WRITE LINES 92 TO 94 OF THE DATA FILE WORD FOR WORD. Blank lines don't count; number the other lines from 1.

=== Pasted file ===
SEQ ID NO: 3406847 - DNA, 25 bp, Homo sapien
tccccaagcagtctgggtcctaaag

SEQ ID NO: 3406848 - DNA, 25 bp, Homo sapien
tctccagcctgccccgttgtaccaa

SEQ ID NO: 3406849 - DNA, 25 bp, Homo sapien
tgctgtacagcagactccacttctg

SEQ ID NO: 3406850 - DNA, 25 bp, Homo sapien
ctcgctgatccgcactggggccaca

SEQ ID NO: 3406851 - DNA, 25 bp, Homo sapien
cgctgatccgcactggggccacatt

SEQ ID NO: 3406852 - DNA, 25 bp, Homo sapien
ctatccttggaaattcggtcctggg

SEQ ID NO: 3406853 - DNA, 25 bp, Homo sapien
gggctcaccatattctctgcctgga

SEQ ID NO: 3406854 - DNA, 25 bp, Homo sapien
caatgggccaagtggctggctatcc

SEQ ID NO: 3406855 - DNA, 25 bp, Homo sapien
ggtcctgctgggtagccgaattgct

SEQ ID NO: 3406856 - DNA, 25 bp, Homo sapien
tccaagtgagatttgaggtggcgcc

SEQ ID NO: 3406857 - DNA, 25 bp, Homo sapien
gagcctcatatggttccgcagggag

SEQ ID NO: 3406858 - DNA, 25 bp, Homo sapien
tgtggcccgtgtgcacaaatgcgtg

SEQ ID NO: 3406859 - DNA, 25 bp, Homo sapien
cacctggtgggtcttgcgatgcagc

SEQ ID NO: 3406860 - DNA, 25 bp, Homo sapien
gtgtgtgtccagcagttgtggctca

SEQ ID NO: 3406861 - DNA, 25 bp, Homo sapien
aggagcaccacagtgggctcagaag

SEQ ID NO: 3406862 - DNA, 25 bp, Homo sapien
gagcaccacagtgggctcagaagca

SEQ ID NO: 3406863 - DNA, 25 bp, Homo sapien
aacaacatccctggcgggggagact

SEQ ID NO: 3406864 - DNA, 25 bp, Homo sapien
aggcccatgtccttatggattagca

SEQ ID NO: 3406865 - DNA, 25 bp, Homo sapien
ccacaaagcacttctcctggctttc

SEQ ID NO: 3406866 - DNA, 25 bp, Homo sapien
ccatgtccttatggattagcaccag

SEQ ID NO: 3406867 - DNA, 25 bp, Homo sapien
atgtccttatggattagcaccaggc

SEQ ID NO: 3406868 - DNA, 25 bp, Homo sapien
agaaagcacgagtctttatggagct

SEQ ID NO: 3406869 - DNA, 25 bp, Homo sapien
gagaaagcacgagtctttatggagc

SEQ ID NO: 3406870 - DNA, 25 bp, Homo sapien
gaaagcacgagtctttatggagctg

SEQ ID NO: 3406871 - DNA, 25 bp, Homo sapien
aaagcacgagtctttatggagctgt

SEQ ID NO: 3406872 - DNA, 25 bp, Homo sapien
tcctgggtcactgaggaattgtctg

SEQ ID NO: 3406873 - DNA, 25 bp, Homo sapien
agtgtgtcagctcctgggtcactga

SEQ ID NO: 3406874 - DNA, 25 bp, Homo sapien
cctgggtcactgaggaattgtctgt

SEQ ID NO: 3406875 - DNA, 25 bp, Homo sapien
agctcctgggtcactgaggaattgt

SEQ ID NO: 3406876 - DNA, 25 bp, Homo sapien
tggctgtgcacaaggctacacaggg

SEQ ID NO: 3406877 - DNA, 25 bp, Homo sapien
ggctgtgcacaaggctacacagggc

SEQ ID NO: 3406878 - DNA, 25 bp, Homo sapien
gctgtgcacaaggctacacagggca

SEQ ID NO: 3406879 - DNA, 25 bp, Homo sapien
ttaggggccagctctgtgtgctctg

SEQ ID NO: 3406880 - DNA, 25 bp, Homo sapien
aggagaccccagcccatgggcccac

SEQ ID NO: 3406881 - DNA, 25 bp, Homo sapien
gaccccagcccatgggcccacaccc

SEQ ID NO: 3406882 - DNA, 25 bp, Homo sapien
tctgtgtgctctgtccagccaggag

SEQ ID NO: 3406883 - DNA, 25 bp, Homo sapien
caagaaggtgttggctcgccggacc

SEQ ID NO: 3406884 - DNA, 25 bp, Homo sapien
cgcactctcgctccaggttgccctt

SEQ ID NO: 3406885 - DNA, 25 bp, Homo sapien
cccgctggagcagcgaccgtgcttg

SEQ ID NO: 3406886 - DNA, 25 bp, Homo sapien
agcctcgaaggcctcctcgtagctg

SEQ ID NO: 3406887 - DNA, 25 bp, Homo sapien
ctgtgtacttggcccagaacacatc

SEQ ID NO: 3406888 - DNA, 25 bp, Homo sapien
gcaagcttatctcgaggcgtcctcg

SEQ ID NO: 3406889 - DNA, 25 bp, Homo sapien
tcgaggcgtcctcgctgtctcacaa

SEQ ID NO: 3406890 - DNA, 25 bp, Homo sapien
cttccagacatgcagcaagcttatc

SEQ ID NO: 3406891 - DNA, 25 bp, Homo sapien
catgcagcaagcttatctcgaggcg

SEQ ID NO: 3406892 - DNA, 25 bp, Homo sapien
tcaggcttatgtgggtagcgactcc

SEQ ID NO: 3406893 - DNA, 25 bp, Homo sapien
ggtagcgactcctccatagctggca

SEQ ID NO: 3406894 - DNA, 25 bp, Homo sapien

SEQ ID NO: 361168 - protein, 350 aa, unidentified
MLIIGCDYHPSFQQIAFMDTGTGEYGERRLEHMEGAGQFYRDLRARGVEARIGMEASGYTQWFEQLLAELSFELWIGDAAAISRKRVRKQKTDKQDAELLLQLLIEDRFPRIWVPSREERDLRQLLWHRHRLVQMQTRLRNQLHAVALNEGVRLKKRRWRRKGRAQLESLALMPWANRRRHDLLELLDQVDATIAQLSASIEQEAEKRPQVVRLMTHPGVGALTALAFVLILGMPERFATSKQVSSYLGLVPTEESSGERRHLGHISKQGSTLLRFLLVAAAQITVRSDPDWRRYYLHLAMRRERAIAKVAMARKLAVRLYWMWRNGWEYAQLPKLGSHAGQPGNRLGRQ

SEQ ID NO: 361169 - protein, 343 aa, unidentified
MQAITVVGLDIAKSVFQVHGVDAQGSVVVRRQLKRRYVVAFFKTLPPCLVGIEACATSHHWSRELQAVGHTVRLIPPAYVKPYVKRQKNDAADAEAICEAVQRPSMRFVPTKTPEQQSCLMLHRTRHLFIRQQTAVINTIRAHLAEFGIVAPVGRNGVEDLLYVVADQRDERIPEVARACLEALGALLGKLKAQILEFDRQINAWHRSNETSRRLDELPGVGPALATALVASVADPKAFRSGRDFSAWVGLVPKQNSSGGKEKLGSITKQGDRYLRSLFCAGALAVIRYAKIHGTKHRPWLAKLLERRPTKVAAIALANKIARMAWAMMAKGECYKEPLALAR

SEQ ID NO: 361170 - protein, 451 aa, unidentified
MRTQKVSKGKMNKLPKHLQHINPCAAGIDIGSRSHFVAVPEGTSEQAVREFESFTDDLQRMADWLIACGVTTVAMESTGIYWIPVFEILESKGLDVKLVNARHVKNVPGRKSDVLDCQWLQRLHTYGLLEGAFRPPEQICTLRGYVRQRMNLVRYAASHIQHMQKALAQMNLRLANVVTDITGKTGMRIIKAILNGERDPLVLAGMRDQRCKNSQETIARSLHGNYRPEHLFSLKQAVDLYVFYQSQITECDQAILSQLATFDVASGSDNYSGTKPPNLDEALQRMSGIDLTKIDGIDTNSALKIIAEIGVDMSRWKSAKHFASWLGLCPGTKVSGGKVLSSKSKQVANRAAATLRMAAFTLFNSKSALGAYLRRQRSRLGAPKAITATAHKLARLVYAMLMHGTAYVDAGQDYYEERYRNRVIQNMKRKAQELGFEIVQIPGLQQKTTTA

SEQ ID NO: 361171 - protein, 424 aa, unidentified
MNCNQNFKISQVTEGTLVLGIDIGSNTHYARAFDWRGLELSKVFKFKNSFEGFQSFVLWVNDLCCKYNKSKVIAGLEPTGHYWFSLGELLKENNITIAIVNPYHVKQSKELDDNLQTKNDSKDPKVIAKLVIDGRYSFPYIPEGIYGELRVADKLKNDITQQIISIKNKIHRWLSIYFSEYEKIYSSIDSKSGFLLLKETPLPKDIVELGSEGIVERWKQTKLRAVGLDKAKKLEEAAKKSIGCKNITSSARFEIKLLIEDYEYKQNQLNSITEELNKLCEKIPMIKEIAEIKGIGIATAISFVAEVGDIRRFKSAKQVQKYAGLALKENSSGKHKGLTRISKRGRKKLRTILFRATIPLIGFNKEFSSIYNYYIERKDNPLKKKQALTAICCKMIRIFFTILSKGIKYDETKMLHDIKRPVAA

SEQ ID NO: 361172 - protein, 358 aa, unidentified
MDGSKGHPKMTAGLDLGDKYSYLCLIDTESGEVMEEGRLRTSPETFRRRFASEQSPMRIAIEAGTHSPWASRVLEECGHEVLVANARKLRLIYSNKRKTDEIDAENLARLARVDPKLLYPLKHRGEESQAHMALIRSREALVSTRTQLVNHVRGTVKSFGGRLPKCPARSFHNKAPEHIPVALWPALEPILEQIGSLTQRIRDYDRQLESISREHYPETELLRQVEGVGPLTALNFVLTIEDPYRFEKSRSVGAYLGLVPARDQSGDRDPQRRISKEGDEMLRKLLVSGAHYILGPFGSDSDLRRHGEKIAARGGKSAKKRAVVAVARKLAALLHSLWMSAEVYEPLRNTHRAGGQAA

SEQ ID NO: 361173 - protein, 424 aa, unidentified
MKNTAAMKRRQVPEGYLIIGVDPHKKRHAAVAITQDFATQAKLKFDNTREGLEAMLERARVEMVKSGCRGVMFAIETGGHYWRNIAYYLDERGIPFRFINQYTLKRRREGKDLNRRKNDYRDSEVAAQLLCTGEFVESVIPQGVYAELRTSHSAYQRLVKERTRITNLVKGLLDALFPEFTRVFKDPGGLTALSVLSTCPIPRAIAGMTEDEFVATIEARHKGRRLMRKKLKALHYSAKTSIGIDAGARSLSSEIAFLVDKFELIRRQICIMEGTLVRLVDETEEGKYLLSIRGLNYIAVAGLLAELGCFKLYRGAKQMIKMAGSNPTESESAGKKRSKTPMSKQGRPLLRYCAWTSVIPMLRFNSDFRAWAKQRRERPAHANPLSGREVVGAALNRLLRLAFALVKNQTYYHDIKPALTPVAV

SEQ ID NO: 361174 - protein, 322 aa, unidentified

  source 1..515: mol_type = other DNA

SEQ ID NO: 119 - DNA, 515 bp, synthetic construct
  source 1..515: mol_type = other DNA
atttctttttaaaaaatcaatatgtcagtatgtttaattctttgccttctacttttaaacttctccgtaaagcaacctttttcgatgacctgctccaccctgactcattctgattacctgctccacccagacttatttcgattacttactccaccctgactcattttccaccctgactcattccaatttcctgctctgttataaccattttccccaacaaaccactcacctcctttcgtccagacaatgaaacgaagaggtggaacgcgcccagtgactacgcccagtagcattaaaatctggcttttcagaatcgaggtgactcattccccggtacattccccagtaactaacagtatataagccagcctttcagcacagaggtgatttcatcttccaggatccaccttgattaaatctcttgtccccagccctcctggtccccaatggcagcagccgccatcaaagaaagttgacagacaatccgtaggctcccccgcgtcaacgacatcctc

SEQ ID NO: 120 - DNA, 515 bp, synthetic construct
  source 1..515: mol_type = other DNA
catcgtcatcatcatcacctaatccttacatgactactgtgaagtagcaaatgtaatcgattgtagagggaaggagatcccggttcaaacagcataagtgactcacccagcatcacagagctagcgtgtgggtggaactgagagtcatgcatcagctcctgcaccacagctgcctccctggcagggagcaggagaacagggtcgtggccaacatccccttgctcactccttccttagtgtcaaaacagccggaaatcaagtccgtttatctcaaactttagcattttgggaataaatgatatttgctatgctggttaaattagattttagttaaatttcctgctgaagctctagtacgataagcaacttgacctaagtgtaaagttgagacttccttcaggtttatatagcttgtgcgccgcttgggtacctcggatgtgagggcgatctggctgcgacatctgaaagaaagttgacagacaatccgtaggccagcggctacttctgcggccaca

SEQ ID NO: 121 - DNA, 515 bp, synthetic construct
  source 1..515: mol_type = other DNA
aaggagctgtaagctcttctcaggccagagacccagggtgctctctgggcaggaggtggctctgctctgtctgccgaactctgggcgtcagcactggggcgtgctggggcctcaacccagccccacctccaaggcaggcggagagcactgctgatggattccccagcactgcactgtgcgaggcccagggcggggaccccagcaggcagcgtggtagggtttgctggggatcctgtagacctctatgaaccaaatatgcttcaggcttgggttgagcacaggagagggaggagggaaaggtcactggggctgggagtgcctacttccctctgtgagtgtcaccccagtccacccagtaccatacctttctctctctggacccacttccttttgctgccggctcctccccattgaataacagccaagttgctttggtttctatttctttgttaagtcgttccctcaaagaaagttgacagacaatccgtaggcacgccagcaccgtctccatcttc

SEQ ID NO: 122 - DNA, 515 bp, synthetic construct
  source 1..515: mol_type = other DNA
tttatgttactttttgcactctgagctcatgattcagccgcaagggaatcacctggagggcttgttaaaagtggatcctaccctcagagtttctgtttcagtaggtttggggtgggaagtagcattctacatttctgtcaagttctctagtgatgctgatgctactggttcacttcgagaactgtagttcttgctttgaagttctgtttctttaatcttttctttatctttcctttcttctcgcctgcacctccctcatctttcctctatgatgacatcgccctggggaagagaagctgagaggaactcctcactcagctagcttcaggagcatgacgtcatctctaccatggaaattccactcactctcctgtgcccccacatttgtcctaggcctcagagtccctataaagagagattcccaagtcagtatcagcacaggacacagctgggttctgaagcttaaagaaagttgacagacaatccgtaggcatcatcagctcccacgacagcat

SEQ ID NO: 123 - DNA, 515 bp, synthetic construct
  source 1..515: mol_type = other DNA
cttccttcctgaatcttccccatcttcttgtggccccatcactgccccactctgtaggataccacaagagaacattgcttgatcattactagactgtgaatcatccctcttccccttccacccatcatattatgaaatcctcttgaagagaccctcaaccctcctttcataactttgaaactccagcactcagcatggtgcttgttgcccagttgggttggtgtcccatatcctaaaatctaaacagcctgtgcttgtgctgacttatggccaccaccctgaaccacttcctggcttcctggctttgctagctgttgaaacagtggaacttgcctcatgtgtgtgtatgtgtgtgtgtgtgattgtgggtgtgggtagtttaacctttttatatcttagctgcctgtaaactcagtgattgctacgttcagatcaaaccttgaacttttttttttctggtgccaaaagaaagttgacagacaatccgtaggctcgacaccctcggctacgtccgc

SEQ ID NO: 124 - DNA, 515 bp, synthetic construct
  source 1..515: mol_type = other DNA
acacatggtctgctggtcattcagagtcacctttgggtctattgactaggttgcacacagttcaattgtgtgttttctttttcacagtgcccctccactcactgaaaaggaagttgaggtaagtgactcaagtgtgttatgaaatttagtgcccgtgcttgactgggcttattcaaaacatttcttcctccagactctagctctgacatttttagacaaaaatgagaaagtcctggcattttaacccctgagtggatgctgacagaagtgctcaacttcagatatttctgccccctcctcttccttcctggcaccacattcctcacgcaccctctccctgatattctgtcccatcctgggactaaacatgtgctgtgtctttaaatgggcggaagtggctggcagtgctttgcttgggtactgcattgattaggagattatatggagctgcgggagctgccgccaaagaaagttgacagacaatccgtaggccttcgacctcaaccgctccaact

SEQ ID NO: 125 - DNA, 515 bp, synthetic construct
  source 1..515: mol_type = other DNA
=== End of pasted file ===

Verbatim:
tcaggcttatgtgggtagcgactcc

SEQ ID NO: 3406893 - DNA, 25 bp, Homo sapien
ggtagcgactcctccatagctggca